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About expt re Newton's 2nd law

  1. Jul 28, 2011 #1
    hello all

    Consider an experiment to prove that the acceleration in a certain direction on a given mass is directly proportional to the resultant force in that direction given that the given mass is constant. The acceleration can be measured using light gates. This resultant force can be varied by pulling on the given mass by elastic bands taking care to keep the extension of the band constant for a given resultant force.
    I heard a discussion re this experiment where the resultant force was provided by hanging a mass on a pulley. i do not think this is correct Physics.
    I would appreciate any reply whether I was correct in this.
    Thanks.
     
  2. jcsd
  3. Jul 28, 2011 #2

    Doc Al

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    Staff: Mentor

    What's your objection to it? It's not quite as direct as the example you gave. Certainly the force on the primary mass does not simply equal the weight of the hanging mass, if that's your point.
     
  4. Jul 28, 2011 #3
    Thanks for the reply.
    My objection is, IMHO, that in finding the tension on the hanging mass which is the resultant force on the given mass ( we are assuming that contact between pulley and string is smooth so that pulley does not rotate) one has to use Newton's 2nd law itself. And we were always taught that in proving some law one cannot make use of that same law.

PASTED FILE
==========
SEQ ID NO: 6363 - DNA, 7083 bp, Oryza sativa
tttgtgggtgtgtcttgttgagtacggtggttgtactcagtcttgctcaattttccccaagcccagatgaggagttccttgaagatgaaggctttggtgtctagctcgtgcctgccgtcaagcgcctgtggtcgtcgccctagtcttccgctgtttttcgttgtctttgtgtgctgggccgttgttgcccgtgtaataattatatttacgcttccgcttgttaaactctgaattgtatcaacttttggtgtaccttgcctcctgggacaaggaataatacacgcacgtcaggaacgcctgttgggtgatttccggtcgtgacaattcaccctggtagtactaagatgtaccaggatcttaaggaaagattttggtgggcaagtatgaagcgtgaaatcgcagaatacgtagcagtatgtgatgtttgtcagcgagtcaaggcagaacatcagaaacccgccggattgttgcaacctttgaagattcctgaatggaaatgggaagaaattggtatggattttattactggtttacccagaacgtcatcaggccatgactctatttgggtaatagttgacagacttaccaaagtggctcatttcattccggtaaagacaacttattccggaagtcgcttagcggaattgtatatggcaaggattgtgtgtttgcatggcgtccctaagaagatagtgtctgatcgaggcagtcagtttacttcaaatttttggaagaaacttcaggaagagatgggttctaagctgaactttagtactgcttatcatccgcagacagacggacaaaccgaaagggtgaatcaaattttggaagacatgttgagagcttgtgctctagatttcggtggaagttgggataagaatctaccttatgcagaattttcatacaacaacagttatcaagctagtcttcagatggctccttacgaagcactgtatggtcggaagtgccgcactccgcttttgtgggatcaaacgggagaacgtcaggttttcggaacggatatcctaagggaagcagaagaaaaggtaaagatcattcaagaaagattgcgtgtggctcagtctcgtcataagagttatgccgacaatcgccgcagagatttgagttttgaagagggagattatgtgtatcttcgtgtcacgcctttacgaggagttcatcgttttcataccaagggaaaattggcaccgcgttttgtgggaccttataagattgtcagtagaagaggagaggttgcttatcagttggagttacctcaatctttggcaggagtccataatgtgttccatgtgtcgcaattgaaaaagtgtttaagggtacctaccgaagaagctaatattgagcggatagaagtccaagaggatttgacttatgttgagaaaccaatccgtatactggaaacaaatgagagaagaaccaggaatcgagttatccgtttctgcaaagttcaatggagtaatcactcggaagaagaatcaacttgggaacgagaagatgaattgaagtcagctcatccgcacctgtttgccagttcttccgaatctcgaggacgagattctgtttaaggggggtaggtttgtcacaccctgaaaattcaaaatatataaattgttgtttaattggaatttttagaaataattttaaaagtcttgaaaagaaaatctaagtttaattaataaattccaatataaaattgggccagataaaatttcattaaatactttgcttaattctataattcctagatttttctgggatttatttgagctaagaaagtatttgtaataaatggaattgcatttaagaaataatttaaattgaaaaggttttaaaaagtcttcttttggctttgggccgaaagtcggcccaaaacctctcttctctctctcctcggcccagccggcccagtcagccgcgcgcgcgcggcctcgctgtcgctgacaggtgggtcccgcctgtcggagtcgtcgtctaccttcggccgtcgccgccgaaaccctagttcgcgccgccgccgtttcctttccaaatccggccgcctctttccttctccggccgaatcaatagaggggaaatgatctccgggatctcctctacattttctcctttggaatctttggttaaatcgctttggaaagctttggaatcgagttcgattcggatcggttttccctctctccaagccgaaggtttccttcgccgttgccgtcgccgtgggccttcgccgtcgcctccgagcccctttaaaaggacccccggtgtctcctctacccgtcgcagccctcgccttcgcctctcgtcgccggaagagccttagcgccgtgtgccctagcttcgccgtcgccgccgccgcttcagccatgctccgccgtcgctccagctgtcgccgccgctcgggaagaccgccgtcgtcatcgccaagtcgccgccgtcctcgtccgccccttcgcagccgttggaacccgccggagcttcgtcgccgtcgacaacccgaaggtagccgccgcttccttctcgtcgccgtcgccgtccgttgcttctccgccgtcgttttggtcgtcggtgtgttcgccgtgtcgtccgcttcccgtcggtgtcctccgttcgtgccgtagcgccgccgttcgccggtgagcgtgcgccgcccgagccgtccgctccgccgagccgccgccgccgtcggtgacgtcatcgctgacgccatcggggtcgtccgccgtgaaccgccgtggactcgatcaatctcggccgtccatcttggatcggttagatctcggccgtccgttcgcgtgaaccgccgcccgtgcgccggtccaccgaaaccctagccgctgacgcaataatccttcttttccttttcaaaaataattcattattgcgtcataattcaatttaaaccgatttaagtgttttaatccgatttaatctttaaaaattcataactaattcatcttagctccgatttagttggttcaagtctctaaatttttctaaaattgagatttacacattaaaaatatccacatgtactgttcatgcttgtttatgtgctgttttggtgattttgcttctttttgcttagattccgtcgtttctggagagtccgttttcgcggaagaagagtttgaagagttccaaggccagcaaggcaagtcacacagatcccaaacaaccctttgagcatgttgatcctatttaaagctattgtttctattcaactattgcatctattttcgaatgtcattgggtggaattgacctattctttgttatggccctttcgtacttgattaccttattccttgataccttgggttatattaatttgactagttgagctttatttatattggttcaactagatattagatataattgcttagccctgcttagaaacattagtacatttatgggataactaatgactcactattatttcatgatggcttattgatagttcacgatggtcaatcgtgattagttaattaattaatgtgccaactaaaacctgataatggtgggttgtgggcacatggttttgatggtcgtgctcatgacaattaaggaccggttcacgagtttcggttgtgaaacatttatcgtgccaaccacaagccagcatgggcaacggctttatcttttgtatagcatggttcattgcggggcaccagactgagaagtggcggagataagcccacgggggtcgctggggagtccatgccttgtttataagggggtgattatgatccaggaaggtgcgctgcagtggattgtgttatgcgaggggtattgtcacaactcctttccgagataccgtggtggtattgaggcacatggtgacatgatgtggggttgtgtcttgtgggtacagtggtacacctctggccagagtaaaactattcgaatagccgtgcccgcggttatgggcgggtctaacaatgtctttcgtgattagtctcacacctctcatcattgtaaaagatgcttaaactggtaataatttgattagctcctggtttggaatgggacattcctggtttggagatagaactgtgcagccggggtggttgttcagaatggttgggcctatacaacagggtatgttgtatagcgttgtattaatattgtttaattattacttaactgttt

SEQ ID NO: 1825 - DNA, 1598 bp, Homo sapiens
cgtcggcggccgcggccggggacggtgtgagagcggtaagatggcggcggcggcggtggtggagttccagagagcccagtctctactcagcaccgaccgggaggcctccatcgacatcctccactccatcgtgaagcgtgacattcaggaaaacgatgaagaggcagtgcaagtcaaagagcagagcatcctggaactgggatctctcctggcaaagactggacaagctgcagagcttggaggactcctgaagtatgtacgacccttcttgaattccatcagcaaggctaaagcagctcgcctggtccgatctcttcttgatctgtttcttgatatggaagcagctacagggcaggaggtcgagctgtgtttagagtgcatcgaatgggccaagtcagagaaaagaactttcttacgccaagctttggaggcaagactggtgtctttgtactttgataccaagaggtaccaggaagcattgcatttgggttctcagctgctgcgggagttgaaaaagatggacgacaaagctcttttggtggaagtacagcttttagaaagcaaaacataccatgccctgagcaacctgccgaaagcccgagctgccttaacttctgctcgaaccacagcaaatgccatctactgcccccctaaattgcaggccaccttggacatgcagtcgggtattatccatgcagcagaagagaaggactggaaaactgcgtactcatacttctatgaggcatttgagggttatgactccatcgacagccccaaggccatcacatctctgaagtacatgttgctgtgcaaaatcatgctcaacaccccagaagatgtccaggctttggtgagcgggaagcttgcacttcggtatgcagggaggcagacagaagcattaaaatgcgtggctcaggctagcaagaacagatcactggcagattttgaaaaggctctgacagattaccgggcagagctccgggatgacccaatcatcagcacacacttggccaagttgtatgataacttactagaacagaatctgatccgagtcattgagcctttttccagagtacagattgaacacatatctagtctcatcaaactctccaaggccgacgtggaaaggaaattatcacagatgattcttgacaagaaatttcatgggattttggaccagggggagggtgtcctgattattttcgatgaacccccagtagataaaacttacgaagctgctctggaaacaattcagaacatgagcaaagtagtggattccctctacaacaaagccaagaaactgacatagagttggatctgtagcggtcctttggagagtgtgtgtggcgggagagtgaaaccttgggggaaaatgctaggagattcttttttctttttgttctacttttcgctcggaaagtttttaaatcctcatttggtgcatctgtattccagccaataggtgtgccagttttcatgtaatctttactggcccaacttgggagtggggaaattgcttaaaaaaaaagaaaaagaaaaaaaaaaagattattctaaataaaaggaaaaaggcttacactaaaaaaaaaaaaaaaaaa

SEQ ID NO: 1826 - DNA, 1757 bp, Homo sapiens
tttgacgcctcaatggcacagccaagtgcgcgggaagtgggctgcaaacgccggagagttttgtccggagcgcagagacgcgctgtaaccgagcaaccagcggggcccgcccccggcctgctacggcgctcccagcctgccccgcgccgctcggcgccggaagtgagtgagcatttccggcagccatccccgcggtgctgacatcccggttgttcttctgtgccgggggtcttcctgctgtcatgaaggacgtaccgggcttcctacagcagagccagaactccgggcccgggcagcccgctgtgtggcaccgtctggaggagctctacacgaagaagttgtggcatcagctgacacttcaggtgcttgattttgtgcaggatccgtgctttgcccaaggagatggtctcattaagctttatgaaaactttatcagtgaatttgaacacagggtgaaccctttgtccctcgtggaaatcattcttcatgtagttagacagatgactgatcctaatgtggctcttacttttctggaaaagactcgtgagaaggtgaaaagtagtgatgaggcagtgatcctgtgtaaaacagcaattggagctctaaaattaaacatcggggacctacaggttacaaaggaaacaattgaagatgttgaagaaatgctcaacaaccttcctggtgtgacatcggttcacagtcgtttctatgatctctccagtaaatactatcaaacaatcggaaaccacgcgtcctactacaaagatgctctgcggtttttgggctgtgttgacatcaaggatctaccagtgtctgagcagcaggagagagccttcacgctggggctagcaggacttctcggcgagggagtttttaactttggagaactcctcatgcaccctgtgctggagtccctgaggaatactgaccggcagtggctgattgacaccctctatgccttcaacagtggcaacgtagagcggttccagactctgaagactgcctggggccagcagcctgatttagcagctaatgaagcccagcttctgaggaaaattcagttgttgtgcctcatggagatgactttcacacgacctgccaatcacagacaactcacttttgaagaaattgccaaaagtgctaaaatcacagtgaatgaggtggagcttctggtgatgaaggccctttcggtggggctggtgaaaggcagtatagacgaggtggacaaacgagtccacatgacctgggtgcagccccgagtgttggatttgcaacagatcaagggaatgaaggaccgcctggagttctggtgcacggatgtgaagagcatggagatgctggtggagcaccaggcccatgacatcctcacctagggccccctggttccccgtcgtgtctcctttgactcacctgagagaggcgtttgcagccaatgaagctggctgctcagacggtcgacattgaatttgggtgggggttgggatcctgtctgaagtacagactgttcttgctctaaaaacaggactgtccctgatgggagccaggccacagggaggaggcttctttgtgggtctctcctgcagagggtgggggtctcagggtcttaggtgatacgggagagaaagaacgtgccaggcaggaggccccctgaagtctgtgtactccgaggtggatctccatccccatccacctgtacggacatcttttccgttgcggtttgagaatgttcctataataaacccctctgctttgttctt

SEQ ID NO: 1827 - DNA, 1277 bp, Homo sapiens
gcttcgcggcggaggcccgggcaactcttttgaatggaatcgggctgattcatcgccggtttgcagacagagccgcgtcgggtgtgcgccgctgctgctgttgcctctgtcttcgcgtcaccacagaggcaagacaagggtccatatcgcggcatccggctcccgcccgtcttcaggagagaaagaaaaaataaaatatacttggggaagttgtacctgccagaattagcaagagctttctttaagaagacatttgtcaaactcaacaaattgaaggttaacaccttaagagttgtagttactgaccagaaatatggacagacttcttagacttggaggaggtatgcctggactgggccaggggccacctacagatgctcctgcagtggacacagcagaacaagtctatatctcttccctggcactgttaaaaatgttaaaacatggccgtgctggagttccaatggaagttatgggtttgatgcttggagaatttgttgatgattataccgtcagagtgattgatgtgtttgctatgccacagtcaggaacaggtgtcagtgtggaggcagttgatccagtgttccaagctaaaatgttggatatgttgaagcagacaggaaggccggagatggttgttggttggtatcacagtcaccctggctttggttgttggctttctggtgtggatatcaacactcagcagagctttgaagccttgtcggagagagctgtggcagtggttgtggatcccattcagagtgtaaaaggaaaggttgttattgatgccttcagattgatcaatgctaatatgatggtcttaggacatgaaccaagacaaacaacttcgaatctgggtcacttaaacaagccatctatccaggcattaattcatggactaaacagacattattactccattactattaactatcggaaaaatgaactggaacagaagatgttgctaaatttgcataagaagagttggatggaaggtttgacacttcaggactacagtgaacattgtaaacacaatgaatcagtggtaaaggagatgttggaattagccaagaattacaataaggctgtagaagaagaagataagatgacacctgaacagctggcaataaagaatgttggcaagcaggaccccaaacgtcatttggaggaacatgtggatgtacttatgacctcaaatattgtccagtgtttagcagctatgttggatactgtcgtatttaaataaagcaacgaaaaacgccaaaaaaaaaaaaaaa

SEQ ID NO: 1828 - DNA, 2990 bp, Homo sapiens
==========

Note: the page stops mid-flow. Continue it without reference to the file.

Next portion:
5. Jul 28, 2011 #4

    Doc Al

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    Staff: Mentor

    I agree. Were I to do that 'experiment' I would not calculate the tension. Instead I'd use a force of m2g (the weight of the hanging mass) acting on the total mass of m1 + m2. Still not quite as direct as your first example, but workable.

    But even if you calculate the tension, you can always think of it as applying Newton's 2nd law to predict the acceleration, then checking your prediction.

    The two methods--with and without the tension calculated--are entirely equivalent, of course.
     
    Last edited: Jul 28, 2011
  6. Jul 29, 2011 #5
    Now I have a better insight into this experiment.
    Thank you.
     
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